How To Password-Protect Documents On a Mac

You can easily create password-protected encrypted documents using apps like Pages, Numbers, Keynote and Microsoft Word. Youc an also create a password-protected PDF file from just about any app. There are good reasons to sometimes need encrypted documents, but often it isn't necessary.

Comments: 18 Responses to “How To Password-Protect Documents On a Mac”

    Rick
    2 weeks ago

    I use password protected documents and I wanted to find out how secure was
    the password encryption.

    The following list shows what I could determine when exporting.
    I hope this table is correct.

    Saved in Page/Numbers/Keynotes – 256-bit AES
    Exported to Office 97-2003 – 40-bit RC4?
    Exported to Office 2007-2015 – 128-bit AES
    Exported as PDF – 128-bit AES

    Mark
    2 weeks ago

    Can I export word, excel to keynotes and numbers? Then drop office? I never used them do I loose functionality

    pamela
    2 weeks ago

    Thank you for clarifying the issue about encryption vs password protection. Do I understand that pages and PDF’s are both encrypted and PW protected? Can I PW protect a specific folder and keep my sensitive documents there? If I PW protect a document and I use file vault is there an issue. If I PW protect a document and use file vault and then back up with backblaze and encrypt that with a PW is there a problem with data recovery? Some people said you get back gibberish

    2 weeks ago

    pamela: Yes, the things I am showing here are encryption techniques. Password-protecting a folder is not as easy. You can create an encrypted Disk Image, but that makes it difficult to access and make changes. Keep in mind that if you have a password on your account then pretty much everything is password-protected. Use FileVault and it is encrypted too. No problem using FileVault and BackBlaze — you are the one doing the backup, so you have permission to do it.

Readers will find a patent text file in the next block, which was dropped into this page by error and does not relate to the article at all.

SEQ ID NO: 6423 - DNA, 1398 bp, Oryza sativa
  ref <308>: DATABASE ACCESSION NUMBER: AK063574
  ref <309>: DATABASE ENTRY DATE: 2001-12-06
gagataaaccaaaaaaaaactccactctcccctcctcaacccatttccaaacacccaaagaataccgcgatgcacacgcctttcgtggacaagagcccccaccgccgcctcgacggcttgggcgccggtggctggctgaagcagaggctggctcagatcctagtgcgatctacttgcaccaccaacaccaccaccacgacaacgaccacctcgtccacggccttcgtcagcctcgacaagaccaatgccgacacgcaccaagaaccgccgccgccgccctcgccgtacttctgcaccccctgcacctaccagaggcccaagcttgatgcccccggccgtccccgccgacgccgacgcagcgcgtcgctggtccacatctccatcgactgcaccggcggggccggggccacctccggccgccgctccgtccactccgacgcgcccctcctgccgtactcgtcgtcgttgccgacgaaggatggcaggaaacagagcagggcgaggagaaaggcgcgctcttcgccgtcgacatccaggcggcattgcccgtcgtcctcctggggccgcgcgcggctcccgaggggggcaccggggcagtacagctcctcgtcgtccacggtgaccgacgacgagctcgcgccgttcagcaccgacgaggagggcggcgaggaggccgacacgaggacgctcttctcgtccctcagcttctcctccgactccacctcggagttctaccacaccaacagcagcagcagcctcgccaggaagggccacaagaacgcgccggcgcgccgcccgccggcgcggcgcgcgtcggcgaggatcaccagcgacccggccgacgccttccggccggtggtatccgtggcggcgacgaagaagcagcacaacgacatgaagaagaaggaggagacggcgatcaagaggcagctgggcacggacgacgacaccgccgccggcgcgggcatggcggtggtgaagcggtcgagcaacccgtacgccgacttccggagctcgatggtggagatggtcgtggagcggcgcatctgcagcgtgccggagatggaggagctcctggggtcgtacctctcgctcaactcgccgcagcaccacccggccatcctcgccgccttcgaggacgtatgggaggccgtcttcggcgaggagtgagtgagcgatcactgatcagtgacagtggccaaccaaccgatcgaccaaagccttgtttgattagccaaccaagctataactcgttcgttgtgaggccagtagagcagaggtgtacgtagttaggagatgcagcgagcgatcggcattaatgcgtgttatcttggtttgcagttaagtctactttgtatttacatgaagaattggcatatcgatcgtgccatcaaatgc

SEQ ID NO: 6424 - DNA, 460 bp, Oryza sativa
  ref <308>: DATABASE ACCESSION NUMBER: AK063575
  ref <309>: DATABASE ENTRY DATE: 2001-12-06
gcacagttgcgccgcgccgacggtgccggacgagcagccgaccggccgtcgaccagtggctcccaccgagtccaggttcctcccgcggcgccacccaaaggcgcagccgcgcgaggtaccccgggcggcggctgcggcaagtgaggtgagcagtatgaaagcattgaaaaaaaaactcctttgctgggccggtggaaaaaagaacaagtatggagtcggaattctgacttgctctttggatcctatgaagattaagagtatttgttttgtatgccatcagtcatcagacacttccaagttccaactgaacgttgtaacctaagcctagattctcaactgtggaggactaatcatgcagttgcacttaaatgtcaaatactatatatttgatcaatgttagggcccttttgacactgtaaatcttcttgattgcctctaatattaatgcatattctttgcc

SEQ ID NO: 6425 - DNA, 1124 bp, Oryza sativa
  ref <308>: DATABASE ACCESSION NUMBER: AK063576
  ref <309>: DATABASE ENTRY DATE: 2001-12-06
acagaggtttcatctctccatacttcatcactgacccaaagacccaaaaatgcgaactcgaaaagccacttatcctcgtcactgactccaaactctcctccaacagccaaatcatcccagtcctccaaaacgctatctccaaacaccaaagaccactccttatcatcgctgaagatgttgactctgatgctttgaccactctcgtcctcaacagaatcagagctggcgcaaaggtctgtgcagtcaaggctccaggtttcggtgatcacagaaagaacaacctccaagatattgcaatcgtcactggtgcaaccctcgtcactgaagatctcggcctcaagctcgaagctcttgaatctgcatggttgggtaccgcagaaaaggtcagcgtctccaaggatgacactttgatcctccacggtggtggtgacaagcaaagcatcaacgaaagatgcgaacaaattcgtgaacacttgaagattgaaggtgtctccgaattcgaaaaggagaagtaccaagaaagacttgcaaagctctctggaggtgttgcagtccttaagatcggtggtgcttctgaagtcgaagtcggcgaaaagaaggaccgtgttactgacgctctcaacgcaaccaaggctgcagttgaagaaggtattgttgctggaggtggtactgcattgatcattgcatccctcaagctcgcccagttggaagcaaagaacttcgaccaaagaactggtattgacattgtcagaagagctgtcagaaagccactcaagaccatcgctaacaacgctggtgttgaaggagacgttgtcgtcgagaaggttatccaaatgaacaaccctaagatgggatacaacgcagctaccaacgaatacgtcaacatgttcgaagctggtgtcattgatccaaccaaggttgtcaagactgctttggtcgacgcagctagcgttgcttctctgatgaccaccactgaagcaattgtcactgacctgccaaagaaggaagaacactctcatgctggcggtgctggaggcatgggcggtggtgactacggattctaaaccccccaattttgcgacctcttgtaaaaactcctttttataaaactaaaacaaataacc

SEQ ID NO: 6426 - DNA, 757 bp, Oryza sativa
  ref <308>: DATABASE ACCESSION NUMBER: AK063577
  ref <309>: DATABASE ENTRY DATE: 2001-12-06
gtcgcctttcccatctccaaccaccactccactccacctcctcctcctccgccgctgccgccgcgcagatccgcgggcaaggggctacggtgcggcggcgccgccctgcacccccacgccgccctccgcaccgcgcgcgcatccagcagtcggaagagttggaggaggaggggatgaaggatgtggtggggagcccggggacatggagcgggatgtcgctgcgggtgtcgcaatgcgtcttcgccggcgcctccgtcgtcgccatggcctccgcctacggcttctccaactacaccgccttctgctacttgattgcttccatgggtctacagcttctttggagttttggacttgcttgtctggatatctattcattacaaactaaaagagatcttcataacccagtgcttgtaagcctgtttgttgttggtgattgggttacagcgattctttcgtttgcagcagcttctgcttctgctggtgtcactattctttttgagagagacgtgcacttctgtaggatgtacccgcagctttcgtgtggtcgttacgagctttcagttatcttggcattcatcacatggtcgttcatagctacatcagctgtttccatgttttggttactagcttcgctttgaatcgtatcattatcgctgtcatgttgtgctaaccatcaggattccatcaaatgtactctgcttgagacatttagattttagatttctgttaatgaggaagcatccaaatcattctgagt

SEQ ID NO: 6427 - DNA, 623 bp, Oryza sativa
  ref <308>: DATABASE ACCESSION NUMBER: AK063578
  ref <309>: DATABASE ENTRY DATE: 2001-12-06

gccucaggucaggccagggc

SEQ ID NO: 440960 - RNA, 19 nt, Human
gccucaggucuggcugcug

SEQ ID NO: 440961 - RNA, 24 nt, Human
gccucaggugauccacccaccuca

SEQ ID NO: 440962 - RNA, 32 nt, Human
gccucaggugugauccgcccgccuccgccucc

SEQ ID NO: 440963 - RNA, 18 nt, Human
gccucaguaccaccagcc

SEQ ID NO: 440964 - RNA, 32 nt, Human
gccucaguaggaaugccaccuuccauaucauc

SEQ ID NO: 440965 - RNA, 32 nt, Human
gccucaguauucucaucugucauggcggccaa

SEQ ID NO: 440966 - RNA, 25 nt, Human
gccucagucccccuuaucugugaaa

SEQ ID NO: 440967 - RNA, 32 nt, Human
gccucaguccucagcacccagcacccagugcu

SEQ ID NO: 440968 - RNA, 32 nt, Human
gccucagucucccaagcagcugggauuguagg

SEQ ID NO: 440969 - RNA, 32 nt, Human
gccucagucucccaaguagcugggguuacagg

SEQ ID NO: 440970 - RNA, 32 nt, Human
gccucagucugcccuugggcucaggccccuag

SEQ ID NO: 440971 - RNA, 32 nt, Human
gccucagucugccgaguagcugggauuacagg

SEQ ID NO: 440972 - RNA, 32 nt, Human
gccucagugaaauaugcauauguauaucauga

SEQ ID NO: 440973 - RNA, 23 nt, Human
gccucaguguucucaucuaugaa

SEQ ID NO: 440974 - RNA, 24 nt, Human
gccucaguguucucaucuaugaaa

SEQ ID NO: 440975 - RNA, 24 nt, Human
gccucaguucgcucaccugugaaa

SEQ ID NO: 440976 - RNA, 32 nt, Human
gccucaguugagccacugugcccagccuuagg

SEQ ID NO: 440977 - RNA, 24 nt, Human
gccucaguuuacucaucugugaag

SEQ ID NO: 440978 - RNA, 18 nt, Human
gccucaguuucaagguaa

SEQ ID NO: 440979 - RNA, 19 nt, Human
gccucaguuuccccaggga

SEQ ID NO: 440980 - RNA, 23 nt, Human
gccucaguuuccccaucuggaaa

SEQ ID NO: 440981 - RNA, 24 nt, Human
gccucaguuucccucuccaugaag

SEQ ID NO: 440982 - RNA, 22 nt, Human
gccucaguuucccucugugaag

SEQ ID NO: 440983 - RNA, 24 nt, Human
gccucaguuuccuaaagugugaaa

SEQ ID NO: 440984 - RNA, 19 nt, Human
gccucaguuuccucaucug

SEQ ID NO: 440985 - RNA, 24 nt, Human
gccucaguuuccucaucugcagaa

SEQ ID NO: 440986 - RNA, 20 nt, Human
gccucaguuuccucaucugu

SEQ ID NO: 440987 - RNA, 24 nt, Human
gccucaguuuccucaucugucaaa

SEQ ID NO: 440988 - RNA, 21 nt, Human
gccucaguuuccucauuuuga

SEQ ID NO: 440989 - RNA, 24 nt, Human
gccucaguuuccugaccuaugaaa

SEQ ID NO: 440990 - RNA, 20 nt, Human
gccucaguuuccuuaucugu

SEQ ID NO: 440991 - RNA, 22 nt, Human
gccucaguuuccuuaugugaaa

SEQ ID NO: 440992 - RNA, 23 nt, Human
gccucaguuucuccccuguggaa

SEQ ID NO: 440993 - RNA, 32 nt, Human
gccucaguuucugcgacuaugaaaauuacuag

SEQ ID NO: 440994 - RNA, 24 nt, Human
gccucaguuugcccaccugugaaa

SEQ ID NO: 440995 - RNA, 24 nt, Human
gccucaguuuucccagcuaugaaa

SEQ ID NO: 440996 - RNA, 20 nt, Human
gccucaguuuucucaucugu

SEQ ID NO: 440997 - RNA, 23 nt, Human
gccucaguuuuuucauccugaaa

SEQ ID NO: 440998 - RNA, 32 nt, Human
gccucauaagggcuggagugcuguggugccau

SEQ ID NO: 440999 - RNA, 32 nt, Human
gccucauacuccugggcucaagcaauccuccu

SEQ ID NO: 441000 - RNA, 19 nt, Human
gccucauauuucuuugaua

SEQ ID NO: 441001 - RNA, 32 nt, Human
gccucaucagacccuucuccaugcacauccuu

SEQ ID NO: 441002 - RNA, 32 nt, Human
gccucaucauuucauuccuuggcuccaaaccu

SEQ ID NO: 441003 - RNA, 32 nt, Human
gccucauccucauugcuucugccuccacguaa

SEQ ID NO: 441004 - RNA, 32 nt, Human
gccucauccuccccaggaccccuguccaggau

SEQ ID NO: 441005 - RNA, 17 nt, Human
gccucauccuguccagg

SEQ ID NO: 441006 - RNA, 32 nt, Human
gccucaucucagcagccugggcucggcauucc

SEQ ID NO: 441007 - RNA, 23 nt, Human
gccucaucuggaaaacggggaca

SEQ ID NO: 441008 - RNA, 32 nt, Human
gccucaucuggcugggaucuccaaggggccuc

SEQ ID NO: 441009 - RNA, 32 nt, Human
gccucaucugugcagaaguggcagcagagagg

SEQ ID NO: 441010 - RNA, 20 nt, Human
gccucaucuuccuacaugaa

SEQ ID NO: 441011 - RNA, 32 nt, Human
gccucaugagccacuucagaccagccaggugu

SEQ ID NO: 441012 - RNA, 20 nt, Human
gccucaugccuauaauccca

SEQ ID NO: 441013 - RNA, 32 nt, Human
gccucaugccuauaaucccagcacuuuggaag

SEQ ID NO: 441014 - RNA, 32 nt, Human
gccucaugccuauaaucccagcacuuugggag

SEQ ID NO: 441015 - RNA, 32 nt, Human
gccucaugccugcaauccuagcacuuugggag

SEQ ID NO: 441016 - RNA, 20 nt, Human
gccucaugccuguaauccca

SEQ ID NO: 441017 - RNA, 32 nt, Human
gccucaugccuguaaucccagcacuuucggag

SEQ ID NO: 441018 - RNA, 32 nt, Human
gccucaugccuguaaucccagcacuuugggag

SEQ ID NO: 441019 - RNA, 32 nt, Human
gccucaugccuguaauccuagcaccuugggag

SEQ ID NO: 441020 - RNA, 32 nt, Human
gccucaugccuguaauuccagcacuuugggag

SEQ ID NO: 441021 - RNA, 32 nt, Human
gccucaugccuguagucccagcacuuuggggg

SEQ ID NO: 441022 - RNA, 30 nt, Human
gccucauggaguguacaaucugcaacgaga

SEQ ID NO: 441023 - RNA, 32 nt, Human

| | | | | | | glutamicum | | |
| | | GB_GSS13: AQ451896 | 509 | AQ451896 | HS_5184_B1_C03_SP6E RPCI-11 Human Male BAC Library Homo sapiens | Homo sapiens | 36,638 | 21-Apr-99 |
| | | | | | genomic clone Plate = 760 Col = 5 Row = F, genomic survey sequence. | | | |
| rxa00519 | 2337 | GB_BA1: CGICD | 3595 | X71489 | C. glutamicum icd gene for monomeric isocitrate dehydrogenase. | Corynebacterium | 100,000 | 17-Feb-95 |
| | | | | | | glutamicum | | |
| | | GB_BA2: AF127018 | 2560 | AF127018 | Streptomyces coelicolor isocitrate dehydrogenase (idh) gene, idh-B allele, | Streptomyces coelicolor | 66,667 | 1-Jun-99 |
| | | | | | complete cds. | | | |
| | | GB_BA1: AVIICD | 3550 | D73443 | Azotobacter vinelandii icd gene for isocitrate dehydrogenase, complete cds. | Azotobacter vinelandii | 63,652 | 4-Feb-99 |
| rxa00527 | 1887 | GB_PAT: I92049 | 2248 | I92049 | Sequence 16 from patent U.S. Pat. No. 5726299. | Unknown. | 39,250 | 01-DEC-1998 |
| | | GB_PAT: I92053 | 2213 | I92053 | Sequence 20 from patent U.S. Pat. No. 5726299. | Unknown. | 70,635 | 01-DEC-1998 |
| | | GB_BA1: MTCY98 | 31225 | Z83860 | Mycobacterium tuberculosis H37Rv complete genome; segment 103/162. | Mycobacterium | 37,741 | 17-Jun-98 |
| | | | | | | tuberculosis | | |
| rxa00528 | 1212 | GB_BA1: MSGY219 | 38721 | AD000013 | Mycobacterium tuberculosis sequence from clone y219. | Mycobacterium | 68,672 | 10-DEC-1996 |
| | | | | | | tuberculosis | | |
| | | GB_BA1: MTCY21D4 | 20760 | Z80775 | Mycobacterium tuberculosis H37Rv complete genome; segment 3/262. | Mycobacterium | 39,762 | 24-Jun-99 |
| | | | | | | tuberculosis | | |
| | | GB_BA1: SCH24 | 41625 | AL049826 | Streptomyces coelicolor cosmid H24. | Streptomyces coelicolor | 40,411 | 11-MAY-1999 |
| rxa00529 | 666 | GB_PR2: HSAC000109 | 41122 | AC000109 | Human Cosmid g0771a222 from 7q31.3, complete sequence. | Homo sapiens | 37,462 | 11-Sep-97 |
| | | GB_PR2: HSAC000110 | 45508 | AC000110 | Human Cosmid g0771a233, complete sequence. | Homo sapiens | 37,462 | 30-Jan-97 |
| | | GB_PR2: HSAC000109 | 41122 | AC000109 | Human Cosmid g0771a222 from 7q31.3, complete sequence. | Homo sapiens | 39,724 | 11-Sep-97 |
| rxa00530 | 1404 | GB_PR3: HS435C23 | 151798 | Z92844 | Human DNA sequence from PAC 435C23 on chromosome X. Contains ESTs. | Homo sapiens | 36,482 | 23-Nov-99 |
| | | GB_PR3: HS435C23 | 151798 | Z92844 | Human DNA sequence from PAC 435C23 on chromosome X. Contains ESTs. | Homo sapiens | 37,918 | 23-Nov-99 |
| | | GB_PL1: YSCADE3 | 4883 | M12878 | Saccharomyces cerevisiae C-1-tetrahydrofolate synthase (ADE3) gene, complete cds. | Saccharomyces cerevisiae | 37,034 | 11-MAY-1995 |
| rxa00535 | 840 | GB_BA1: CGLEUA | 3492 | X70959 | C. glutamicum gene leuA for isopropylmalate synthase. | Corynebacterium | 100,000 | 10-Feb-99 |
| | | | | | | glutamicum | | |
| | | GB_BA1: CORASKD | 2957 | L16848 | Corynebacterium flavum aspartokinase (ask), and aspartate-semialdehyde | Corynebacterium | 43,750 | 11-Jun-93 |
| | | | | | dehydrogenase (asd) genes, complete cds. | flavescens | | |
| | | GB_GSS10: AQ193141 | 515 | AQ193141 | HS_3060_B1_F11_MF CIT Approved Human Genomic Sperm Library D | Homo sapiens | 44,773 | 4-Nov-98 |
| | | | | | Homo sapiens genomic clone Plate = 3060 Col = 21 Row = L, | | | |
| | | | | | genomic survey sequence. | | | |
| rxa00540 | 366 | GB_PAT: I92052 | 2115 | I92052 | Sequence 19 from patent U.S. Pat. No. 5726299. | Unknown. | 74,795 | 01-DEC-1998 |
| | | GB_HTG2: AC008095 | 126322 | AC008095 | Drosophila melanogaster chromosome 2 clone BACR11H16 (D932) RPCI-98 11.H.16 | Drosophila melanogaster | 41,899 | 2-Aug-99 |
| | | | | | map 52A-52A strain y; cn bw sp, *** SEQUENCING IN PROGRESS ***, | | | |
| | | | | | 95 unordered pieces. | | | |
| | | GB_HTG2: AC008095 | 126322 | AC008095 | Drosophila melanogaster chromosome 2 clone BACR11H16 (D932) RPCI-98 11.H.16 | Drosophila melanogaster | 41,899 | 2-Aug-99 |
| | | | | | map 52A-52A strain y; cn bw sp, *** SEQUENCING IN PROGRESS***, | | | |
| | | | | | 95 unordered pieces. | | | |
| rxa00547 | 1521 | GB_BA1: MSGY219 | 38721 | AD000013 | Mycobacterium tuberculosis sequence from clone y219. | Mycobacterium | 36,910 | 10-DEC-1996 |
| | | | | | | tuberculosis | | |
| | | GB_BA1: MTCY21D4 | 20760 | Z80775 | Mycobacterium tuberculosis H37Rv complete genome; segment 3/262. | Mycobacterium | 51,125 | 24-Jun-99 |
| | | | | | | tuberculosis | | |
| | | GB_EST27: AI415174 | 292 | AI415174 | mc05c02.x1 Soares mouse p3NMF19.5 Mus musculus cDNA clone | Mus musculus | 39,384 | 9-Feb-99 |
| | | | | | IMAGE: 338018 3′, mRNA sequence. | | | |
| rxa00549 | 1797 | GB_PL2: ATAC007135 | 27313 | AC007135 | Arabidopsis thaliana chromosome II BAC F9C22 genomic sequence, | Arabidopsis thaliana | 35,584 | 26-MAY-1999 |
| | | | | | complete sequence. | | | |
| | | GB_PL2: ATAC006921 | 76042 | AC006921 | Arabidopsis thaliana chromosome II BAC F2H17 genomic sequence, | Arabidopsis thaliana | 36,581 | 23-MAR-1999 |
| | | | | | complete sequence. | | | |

2 weeks ago

    Mark: You can open Word documents in Pages (not Keynote) and Excel documents in Numbers. Try it. Pages and Numbers are different apps than Word and Excel though, with different features. So the conversion isn’t perfect. But for most basic documents it should work fine. Try it and see how it works for your documents.

    pamela
    2 weeks ago

    Thank you Gary, When you say password on my account, do you mean the password I use to open the computer? That is just a PW right? It doesn’t encrypt the computer. I am not currently using file vault because my mac is really old and I was told that it would slow it down too much. It is a late 2013, 2.7 ghz intel core i5 processor running high sierra. Do you think I could use file vault? I will get a new mac this year.

    2 weeks ago

    pamela: Yes, your Mac account password. It doesn’t encrypt your account’s files, unless you are using FileVault, in which case it very much does. Even without FileVault, access would be only possible with physical access to your Mac. Is this kind of security breach really an issue for you? If not, then don’t worry too much.

    pamela
    2 weeks ago

    Yes, it could be with housesitters, people working, other things. I had completely identity theft from a housecleaner years ago and I have never forgotten it. Do you think file vault would slow down my old computer? Would backblaze?

    2 weeks ago